There are basically two important distinctions between today’s Republican Party and any conventional political party, including the GOP of the past: Today’s Republican Party is dominated by extremists who would have been ostracized by past Republicans, and today’s Republican Party is willing to do anything, no matter how much damage it does to the country, to increase its power. Republican economic policy has been to do everything they can possibly do to prolonged the recession created under George Bush so that Barack Obama would be blamed. Restoring Republicans to power because of a bad economy makes no more sense than Russians who wish to return to Stalinism, but recent polls show that this strategy is working. Former Bush speech writer David Frum is shocked by their latest attempt to block economic recovery for political gain:
I’m not shocked by much any more, but I am shocked by this: the leaders of one of the great parties in Congress calling on the Federal Reserve to tighten money in the throes of the most prolonged downturn since the Great Depression.
One line in the letter caught my eye as summing up the unreality of the Republican leaders’ position:
“We have serious concerns that further intervention by the Federal Reserve could exacerbate current problems or further harm the U.S. economy. Such steps may erode the already weakened U.S. dollar or promote more borrowing by overleveraged consumers.”
Are they serious? We are living through the most rapid deleveraging of the American consumer since the 1930s. Much of that deleveraging is occurring tragically, through the process of bankruptcy and foreclosure. Some is happening more happily, through the increase in the savings rate from the 0 of the housing boom to about 6% now.
After further discussion, Frum returned to the political implications:
I know what the detractors will say: to the end of defeating President Obama and replacing him with a Republican president. And if you’ve convinced yourself that Obama is the Second Coming of Malcolm X, Trotsky, and the all-conquering Caliph Omar all in one, then perhaps capsizing the US economy and plunging your fellow-citizens deeper into misery will seem a price worth paying to rid the country of him.
But on any realistic assessment of the problems faced by Americans – and not just would-be Republican office-holders – it’s the recession, not the presidency, that is National Problem #1 and demands the most urgent action. It won’t be enough to save Obama if he does not deserve saving – but it may be enough to save your neighbor’s house, job, and family. Or even … your own. Republicans after all have been victims of this crisis too. It’s an hour of national emergency even more urgent and overwhelming than the aftermath of 9/11. And things may soon get worse, if the Eurozone begins to crack up, as it seems it may. This is the hour for united action against the economic crisis, not partisan maneuvering.
Conservative blogger Andrew Sullivan, who also broke with the extremists in control of the GOP long ago, is thinking along similar lines:
Every time you think the ultras in the current GOP won’t go there, they do. They’ll sabotage economic growth for short term political advantage. They’ll sabotage their own president in negotiating with allies. They’re happy for the US to default if it means they can damage Obama. Their own plan for immediate, drastic austerity would be catastrophic for the global economy. Their pre-Arab Spring belligerence would shut America out of a critical opportunity to ease tensions with the growing and burgeoning Muslim world. And they have no problem treating the world economy as a partisan plaything.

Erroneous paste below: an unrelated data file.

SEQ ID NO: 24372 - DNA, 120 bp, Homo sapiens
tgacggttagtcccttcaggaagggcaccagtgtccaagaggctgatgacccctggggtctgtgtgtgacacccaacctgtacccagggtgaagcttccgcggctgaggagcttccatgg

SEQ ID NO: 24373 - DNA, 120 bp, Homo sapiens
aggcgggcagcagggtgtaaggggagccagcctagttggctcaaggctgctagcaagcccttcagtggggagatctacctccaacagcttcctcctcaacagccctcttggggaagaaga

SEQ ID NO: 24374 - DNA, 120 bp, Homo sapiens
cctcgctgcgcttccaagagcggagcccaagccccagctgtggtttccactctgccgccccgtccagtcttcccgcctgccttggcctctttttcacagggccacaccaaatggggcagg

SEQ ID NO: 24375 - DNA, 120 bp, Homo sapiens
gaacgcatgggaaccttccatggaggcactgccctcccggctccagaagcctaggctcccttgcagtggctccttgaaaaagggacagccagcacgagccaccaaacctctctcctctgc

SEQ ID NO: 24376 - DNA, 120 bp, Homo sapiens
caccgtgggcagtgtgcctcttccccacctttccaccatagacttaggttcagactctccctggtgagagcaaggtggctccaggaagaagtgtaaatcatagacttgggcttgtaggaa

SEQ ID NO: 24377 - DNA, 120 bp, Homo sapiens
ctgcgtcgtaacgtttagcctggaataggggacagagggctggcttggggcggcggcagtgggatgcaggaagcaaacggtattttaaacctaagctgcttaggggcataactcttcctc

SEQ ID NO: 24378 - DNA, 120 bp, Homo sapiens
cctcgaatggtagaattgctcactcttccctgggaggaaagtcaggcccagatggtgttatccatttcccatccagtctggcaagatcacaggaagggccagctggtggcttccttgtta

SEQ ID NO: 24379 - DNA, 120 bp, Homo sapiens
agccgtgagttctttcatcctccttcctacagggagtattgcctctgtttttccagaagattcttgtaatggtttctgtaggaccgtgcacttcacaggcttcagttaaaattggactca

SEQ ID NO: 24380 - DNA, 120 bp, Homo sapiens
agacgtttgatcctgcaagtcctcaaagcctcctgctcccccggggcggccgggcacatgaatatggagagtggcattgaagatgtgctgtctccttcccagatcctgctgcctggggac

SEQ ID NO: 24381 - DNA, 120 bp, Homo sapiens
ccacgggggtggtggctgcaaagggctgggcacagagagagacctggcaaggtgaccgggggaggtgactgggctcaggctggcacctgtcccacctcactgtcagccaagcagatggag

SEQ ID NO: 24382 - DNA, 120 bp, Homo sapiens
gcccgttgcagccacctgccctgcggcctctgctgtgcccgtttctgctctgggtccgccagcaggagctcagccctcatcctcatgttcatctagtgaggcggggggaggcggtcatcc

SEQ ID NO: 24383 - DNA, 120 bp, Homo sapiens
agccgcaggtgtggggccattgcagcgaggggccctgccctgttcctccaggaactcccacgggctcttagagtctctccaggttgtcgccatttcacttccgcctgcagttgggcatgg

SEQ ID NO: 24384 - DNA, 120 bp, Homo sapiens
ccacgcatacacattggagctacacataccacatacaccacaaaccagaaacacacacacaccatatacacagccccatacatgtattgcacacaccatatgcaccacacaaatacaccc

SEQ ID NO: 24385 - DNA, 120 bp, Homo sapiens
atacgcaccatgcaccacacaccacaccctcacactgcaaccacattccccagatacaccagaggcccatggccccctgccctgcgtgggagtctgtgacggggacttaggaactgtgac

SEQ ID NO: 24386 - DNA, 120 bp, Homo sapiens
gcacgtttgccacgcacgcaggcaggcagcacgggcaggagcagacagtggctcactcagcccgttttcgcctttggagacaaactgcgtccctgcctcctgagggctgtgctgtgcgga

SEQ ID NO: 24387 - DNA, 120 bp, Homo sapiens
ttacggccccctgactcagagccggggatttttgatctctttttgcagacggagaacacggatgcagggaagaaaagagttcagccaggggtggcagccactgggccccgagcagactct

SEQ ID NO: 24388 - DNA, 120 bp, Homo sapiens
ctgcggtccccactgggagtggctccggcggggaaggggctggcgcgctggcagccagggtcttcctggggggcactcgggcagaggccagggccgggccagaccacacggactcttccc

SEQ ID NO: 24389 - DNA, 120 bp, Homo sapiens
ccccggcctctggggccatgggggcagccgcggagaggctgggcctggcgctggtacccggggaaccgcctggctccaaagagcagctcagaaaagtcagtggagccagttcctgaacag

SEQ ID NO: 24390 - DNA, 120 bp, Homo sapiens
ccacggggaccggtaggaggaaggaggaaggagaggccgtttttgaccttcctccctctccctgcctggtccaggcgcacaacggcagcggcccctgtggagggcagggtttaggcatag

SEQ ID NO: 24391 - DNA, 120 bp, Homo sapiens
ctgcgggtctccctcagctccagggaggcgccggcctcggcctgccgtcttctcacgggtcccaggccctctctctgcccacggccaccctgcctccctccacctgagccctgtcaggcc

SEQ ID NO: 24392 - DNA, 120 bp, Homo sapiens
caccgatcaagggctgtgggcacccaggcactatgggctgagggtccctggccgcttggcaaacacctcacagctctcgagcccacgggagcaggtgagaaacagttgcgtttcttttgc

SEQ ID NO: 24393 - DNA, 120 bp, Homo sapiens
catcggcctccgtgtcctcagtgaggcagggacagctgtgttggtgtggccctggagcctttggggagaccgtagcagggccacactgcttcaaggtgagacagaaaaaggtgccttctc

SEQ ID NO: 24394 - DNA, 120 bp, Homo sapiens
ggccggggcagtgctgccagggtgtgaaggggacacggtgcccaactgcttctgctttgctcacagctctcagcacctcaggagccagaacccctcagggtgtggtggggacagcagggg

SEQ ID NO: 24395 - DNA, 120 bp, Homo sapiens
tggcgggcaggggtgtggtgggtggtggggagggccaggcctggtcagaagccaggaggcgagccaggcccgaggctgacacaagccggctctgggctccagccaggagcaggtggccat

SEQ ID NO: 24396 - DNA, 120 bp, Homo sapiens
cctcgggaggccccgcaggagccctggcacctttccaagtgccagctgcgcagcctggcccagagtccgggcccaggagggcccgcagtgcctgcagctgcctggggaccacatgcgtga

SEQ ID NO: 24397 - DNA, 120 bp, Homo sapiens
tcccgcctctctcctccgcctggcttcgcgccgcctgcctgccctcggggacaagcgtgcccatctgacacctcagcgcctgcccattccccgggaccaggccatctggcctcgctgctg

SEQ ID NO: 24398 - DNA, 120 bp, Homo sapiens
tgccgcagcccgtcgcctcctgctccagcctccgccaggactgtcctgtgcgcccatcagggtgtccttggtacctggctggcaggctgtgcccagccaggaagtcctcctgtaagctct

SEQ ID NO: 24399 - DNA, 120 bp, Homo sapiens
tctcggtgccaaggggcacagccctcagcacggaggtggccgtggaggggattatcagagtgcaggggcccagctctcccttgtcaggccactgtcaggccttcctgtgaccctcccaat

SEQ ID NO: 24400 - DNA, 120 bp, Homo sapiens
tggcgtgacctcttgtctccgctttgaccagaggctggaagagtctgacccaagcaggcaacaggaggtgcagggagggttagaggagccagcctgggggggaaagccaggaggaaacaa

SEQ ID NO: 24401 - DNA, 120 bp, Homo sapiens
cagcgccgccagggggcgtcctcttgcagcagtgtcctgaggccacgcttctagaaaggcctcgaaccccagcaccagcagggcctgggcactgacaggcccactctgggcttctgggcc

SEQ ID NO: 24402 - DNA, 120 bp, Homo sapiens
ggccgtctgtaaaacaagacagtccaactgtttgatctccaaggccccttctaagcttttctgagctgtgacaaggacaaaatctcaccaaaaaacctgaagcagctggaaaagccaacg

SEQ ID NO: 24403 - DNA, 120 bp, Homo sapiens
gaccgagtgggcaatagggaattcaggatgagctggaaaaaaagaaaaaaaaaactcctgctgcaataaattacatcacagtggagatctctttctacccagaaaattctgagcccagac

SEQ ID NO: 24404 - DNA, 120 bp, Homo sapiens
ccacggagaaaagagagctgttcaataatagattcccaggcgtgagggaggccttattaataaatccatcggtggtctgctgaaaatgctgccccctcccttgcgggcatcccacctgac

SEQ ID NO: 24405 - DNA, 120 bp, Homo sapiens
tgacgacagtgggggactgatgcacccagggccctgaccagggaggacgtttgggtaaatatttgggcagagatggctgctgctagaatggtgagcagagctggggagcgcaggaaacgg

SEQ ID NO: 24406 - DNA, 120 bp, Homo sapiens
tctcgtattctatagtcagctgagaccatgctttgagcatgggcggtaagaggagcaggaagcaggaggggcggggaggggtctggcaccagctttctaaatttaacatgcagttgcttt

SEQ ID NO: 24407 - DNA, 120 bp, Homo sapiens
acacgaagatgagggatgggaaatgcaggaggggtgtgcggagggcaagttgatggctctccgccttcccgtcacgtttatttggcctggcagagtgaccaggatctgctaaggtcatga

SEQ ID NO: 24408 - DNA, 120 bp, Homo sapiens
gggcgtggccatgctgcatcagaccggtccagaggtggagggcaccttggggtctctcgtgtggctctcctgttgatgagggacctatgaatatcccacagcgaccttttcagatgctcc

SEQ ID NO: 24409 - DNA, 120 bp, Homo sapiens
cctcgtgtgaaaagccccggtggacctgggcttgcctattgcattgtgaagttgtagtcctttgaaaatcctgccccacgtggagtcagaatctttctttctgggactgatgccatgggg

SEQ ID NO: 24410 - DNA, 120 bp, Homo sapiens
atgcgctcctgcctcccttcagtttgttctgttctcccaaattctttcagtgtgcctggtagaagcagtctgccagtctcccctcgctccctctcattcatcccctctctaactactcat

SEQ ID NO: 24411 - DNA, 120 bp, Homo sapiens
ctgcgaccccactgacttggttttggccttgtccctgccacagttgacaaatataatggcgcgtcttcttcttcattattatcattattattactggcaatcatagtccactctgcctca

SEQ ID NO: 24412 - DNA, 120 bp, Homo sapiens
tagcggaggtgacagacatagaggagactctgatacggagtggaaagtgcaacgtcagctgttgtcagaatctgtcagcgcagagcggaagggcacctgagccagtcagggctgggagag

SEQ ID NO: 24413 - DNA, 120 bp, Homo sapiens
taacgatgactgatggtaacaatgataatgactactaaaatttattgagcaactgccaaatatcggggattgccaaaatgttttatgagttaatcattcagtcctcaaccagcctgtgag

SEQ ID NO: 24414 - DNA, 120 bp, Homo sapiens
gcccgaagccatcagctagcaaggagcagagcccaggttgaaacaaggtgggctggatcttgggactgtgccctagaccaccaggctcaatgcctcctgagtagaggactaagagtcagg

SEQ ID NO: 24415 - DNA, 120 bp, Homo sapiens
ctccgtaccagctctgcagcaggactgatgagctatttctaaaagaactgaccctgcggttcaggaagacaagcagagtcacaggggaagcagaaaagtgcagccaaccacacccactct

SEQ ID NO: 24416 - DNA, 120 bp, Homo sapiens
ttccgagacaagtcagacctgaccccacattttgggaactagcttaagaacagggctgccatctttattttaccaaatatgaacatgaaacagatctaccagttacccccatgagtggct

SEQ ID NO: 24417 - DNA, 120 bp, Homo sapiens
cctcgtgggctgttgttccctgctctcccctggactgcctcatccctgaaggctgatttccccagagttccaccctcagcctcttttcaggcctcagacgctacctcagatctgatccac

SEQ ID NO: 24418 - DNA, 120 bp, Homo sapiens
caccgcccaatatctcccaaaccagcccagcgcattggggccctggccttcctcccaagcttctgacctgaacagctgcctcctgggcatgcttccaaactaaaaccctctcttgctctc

If they claw their way back to power this way, our system really will be broken for a long time. And the great possibility of an adult conversation on pragmatic grounds to help the economy will be lost. And this is emphatically not Obama’s fault. He tried. They threw it back in his face again and again. Which means, I believe, that we should double down in backing him, instead of the ear-splitting whine coming from the left.
Sullivan is right both about the efforts of the GOP to sabotage economic recovery for political gain along with his assessment of the response from portions of the left. (Although it is not stated here, I’ll give Sullivan the benefit of the doubt in assuming he realizes that this “ear-splitting whine” represents the view of only a portion of the left, and many others of us also have no use for the left’s equivalent of the Tea Party movement.)
Before discussing how the GOP is trying to stall recovery, Sullivan did have one comment on Obama’s drop in the polls: “I think the explanation is simple enough: Obama gave the impression that the recovery was happening – and then it stalled.”
This raises an interesting question as to Obama’s response upon taking office. He did a tremendous job when, for all practical purposes, he began exercising control over economic policy even before taking office Bush and McCain were clueless as to what to do, preventing a probable depression. In retrospect Obama did hurt himself politically by downplaying the severity of the economy he inherited, possibly overly optimistic that the economy would recover by 2012. As we did not yet have all the numbers showing how bad the Bush recession really was, that might have been a reasonable prediction at the time. In addition, we did not predict how much damage the Republicans would still be able to do to the economy. I also wonder if there wasn’t another motivation on Obama’s part. There is a strong psychological component to business recoveries and to predict another four years of a weak economy could have easily turned into a self-fulling prediction. This looks like a case of Obama doing what was best for the country, despite taking a political risk, in contrast to the strategy of the Republicans.